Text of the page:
Attention travel planners!

I thought it would be worth sharing links to some resources that I have found incredibly helpful in planning my trip.  If you have ever tried to plan an adventure, I’m sure you will have shared in some of the frustrations that I have felt in trying to find information and (of course!) the best deals available online.

I hope this post will be a helpful resource to anyone planning an adventure, and I expect it will also save me time when it comes to organising my own future trips.

Flights

When I was looking to book my round-the-world flight I spent a lot of time liaising with STA Travel, the “young” people’s travel specialist.  They were helpful, attentive and were happy to revisit my quote many times as I inevitably changed my mind about where I wanted to go.  However, I did feel a bit like a statistic (after all, they are such a large international company that my individual sale meant very little to them), and the agents I deal with tried quite a bit of “upselling” (pushing add-ons such as trips and bus passes for countries I was visiting, when all I really wanted was the flight).

In the end, after a bit of shopping around, I settled on a flight from Travel Nation.  A much smaller company, based in Brighton, they specialise in long-haul, multi-county trips.  I have felt like a valued customer to each of the agents I have spoken with, and thoroughly enjoyed their more personal approach (as well as their cheaper quote!).  Even since my flight was booked, Travel Nation have continued to support me throughout my planning, offering quotes as requested and additional advice even where there was no sales incentive.  I highly recommend them to anyone planning a round-the-world or complex multi-country adventure.

Other sites that I have found useful for researching and booking flights are Air Asia for cheap flights around Asia, E-Long for flights to/from China, and Expedia for providing a first-stop comparison or ball-park estimates of what flights will cost (although always book direct with an airline or agent rather than via Expedia as it will almost always be cheaper).

If you want to fly into and out of different places, or if you are travelling to several places but don’t want a full round-the-world ticket, then you will need what is called a “multi-stop” or “multi city” flight.  Several flight search engines have these, and STA flights proved to be the cheapest site for a ticket from London to Bangkok and Singapore back to London (for my amazing and supportive boyfriend Tom, who will be joining in parts of the adjenture!).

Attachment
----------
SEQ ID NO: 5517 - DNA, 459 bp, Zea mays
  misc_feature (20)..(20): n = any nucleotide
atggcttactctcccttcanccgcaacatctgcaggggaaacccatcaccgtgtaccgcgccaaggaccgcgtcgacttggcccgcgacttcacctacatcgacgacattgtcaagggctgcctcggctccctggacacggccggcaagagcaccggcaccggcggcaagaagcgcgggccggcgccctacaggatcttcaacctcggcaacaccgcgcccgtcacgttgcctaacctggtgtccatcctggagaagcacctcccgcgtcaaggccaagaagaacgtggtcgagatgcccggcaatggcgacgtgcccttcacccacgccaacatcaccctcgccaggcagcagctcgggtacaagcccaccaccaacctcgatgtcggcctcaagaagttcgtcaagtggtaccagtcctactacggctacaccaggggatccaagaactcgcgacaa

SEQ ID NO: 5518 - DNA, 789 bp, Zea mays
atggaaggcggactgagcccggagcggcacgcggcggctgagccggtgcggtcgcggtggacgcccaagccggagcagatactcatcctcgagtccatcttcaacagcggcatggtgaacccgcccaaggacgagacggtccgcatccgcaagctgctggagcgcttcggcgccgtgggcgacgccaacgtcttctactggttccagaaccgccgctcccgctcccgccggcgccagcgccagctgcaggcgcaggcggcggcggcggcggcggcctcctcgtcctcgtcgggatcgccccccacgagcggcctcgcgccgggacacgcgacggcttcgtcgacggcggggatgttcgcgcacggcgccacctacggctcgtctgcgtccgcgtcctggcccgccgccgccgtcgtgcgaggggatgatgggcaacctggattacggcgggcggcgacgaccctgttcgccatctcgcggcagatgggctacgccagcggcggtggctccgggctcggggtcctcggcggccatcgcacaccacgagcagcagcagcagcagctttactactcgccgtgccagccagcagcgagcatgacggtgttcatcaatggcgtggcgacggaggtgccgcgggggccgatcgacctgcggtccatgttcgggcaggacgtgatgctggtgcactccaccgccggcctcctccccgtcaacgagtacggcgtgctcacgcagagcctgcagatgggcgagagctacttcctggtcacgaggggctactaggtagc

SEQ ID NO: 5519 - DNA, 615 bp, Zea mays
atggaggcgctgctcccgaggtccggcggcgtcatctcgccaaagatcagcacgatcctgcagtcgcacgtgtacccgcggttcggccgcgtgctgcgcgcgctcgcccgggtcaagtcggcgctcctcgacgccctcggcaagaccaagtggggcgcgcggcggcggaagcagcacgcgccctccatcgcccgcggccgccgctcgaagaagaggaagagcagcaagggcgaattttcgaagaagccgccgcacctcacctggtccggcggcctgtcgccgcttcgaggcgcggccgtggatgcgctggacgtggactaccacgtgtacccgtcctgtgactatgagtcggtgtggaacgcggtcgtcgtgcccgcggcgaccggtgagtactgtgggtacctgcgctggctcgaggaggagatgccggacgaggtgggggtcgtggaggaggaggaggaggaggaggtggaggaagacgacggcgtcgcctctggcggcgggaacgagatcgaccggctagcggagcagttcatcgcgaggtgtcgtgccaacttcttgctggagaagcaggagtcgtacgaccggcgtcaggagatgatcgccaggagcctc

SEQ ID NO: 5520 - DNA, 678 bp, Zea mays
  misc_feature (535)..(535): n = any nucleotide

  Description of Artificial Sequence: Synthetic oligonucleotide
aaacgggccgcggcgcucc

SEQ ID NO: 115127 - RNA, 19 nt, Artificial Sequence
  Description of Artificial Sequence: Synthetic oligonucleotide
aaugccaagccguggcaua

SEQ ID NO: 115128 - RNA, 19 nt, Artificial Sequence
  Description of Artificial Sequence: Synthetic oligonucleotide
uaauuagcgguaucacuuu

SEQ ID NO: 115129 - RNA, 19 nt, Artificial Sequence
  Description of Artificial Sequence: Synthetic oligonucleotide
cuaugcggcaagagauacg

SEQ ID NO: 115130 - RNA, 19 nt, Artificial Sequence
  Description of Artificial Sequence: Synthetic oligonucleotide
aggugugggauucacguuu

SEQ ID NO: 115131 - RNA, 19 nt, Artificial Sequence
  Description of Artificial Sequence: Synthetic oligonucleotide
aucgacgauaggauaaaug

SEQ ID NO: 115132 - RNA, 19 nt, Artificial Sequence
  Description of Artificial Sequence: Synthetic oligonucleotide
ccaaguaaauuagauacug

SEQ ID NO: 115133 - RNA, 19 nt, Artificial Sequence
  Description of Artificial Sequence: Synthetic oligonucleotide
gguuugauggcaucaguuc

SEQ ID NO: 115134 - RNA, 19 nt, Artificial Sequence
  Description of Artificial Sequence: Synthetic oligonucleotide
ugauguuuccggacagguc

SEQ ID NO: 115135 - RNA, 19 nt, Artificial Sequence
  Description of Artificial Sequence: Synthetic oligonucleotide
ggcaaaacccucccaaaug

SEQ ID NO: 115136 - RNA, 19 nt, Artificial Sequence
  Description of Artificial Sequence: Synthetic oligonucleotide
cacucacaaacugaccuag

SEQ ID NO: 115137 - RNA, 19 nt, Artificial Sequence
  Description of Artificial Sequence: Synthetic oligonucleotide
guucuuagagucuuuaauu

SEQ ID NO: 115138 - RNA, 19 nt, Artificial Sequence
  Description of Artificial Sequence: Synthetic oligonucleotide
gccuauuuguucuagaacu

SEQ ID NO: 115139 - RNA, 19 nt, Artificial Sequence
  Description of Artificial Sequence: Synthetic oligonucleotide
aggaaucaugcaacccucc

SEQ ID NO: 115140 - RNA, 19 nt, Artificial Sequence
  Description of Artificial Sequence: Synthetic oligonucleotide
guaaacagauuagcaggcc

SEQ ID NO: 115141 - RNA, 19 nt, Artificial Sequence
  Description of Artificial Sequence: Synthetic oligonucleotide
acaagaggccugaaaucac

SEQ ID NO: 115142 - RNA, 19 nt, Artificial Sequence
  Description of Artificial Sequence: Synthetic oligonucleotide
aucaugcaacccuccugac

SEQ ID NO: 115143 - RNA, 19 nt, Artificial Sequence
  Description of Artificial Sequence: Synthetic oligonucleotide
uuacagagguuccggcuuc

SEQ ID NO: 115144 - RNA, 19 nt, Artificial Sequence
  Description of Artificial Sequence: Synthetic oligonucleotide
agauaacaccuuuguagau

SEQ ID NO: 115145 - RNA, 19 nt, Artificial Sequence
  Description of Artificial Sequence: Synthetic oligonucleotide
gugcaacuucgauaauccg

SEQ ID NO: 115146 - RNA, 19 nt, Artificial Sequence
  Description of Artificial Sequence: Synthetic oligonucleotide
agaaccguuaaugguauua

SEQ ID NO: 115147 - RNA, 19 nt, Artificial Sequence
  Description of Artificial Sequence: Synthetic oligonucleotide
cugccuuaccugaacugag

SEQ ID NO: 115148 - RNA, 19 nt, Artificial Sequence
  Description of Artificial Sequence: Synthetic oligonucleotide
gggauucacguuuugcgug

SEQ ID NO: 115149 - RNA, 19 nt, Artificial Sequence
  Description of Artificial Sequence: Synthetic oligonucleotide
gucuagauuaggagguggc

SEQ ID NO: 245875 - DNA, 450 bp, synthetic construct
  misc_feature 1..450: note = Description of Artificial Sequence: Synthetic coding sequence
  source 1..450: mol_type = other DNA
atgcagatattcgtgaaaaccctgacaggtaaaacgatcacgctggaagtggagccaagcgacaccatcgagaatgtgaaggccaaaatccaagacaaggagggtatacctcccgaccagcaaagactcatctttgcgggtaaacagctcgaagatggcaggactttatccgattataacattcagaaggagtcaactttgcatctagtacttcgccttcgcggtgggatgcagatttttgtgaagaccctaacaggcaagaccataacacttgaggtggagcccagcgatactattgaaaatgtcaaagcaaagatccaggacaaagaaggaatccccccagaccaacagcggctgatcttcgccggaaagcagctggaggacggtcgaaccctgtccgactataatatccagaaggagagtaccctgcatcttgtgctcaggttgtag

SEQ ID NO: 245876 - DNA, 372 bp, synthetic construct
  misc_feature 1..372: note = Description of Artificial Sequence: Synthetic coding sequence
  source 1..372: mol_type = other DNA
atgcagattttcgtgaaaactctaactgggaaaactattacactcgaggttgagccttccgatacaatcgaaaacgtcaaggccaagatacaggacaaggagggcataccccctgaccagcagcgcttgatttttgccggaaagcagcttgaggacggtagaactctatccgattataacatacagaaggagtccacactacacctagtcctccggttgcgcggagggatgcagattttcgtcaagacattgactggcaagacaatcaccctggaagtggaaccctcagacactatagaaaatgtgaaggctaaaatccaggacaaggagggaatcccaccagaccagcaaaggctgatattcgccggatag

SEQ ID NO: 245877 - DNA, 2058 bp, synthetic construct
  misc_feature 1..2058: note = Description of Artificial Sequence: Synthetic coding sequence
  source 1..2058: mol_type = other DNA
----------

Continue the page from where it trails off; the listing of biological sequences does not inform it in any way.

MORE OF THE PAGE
Trains

For finding out about the ins and outs of train travel in many countries around the world you really can’t beat Seat 61.  The site offers advice on what the rail network is like, the different classes of travel, what facilities to expect on trains, and the best ways to book tickets.  I still can’t get my head around the fact that one bloke has built this site, as it’s absolutely chock-a-block with incredibly useful information, and has comprehensive details for nearly 100 countries.

UK train travel, as you have no doubt noticed, can be very expensive.  The only way to travel on a budget is to plan your trips well in advance, preferably 12 weeks before you want to travel as this is when advance tickets become available.  Thetrainline.com now offer an alert service which will email you when the tickets you want to buy become available (which can be very handy for trains to the airport).

Visas

Wow, what a confusing process buying visas is! Even being in the privileged position of owning a UK passport, there is still a myriad of sources telling me where, how and why I must buy visas.  If you too have found the labyrinthine embassy websites to be overwhelming, or have struggled to distill conflicting advice into a coherent path for purchasing your visas, then check out The Visa Machine.  They offer a service to sort your visas out for you at additional cost but their website does have a really useful “Choose Your Visas” section that allows you to find out exactly what the visa requirements and regulations for a country are without paying a penny.  It will also tell you roughly how long the application will take and any required documentation too.

 

Happy planning everyone!

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